by Stephen Whitney

This content is part of a series.

Love of Money (18 of 40)
Series: Ecclesiastes
Stephen Whitney
Ecclesiastes 5:8-12

The 1996 comedy movie Jerry McGuire starred Tom Cruise as a sports agent who made contracts for professional atheletes. After suffering a nervous breakdown as a result of stress and a guilty conscience, he writes a mission statement about perceived dishonesty in the sports management business and how he believes that it should be operated. He distributes copies of it and his co-workers are touched by his honesty and greet him with applause, but the management decides to fire him.

In one scene Jerry speaks to Arizona Cardinals wide receiver Rod Tidwell (Cuba Gooding, Jr.), one of his clients who is disgruntled with his contract. Tidwell tests Jerry's resolve to be his agent through a very long telephone conversation, which culminates in the famous line, "Show Me the Money!"

He meant pay me the money, of course, but it turns out that merely showing people money can change their behavior. Kathleen Vohs, assistant professor of marketing at the University of Minnesota conducted a series of nine experiments in which people were asked to do puzzles or other tasks and the behavior of people exposed to money was compared to others who were not prompted to think about it. The two groups acted differently.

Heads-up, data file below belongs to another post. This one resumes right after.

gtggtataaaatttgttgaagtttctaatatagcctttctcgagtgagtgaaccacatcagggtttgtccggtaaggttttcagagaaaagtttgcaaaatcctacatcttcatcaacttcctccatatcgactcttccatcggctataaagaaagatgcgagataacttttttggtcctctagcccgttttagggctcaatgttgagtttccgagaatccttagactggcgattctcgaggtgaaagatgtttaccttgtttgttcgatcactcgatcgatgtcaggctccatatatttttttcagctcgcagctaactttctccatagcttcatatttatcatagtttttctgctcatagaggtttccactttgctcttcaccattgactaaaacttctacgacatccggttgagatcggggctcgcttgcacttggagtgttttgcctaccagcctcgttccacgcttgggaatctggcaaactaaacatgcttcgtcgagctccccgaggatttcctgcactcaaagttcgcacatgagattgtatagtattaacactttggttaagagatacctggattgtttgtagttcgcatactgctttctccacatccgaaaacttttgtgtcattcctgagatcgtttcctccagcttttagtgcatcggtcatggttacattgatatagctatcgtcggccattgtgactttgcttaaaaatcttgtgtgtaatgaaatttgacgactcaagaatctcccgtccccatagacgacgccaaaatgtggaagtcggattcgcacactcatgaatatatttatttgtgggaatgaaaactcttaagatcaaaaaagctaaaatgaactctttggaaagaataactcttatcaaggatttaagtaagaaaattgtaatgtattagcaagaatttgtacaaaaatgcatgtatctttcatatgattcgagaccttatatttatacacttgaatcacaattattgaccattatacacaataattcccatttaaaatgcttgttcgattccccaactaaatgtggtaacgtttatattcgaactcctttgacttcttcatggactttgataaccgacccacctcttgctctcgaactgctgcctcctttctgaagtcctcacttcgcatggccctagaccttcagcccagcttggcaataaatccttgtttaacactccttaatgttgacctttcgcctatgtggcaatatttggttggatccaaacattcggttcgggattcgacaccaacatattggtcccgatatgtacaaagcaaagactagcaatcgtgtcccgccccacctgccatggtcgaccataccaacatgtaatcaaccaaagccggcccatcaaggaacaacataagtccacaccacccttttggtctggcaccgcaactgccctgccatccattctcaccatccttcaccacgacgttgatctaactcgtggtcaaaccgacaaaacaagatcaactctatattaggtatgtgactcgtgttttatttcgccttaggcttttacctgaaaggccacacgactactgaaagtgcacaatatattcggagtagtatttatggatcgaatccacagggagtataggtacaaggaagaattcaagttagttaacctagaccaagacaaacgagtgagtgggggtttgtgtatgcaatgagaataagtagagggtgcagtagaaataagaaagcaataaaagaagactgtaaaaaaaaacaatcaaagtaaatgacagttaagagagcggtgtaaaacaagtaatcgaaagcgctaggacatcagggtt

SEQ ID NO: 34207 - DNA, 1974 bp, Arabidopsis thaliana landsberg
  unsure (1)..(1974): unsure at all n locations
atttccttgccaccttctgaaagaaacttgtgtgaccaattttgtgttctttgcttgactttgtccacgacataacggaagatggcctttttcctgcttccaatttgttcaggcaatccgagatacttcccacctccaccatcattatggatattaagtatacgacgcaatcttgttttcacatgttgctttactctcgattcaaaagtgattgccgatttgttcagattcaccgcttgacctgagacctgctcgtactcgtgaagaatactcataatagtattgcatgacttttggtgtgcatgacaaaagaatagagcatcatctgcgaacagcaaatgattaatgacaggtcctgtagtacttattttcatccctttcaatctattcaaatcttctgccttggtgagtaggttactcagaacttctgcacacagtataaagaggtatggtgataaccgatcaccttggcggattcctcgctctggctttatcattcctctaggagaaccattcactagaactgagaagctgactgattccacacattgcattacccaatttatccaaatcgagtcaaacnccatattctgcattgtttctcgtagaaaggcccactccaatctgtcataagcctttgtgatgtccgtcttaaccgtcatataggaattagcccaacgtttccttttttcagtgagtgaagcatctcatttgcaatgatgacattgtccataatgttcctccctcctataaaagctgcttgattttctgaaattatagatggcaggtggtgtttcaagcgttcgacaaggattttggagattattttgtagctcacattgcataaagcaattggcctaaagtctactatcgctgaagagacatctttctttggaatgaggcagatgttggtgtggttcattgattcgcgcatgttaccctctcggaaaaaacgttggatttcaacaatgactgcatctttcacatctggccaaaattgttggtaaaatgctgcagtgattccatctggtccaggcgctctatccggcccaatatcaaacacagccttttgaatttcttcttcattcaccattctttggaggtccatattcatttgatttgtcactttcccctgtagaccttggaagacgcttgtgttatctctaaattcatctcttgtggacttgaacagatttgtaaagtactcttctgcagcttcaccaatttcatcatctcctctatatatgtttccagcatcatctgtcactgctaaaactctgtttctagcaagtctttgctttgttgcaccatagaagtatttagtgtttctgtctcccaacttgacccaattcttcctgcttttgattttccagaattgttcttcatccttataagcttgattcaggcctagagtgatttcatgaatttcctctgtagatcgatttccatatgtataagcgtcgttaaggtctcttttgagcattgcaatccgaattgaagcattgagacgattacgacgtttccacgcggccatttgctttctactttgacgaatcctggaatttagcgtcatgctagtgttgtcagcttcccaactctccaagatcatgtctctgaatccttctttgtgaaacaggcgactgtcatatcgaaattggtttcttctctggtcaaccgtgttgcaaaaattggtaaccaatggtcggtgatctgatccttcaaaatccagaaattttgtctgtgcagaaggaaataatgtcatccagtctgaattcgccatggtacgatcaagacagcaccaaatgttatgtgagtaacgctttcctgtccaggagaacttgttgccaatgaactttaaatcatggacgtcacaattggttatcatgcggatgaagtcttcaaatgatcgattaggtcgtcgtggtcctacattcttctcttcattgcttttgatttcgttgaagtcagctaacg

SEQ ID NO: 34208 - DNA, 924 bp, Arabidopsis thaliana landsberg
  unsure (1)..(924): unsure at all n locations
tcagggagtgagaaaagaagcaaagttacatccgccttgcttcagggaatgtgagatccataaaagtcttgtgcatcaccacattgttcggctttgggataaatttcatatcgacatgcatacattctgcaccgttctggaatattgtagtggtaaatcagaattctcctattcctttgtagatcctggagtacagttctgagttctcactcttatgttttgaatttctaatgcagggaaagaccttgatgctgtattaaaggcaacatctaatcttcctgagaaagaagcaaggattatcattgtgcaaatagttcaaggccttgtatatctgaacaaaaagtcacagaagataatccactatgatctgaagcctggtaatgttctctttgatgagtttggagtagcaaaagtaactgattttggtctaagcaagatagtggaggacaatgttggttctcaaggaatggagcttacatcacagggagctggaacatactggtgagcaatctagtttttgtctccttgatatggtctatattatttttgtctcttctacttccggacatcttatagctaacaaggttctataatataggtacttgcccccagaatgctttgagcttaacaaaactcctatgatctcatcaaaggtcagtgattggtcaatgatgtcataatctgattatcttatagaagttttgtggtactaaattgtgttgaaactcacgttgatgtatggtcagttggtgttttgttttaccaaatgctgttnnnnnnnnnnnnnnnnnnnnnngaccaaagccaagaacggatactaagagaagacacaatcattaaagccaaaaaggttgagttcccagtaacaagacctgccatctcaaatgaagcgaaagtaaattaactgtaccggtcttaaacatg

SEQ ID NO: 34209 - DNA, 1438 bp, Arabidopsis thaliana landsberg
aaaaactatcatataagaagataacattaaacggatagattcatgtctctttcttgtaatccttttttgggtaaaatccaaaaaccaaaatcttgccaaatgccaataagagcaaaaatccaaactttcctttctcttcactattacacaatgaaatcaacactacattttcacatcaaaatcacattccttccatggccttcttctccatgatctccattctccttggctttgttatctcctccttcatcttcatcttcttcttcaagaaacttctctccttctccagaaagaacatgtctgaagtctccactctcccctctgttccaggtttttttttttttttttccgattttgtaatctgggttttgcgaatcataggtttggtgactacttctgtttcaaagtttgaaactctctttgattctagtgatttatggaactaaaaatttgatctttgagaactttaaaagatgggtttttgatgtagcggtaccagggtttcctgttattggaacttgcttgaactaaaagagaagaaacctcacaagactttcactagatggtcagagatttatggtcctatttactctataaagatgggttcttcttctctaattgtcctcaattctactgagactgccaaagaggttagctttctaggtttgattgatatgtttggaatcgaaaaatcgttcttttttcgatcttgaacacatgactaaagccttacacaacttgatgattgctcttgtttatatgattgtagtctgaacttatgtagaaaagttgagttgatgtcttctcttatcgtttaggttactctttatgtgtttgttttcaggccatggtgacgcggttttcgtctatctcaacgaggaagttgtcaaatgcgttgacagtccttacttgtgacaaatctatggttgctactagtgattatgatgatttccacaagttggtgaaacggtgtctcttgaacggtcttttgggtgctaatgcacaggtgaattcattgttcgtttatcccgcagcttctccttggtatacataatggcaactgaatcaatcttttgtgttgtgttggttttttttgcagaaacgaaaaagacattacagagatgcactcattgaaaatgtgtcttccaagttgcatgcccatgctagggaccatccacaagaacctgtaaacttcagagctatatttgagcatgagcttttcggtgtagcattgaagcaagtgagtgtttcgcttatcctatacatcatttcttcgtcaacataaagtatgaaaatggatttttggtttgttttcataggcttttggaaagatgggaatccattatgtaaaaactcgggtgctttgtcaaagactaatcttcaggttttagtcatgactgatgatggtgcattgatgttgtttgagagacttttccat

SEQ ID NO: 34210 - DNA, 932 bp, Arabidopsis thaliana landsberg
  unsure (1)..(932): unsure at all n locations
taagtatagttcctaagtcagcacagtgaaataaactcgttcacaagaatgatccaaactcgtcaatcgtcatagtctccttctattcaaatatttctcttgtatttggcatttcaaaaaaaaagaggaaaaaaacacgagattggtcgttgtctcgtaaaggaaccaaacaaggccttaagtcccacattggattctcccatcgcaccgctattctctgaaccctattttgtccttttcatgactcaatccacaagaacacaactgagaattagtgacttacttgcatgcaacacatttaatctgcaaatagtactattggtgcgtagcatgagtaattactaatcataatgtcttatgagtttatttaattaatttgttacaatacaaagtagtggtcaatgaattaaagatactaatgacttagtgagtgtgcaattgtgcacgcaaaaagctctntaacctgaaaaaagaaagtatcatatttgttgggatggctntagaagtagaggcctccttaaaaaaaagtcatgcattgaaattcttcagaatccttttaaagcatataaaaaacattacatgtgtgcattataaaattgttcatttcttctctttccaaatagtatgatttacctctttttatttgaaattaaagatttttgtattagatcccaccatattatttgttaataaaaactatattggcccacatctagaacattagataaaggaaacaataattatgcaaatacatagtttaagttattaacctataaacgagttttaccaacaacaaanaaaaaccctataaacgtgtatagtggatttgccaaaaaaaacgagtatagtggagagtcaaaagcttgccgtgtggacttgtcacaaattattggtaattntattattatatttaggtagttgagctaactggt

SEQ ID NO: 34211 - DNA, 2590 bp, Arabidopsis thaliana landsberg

Vohs said, "The mere presence of money changes people. The effect can be negative, it can be positive. The exposure to money elevates a sense of self-sufficiency and can make people less social. For example a student with little money who wants to move to a new apartment get a bunch of friends together and they have a few laughs along the way. But once they get a good job they hired a mover. That may be more efficient, but they lose out on some personal moments.

In the early history of man people needed others to help them reach their goals. Eventually systems of exchange came along and then money, which could be exchanged for things, allowing people to pursue thei ...

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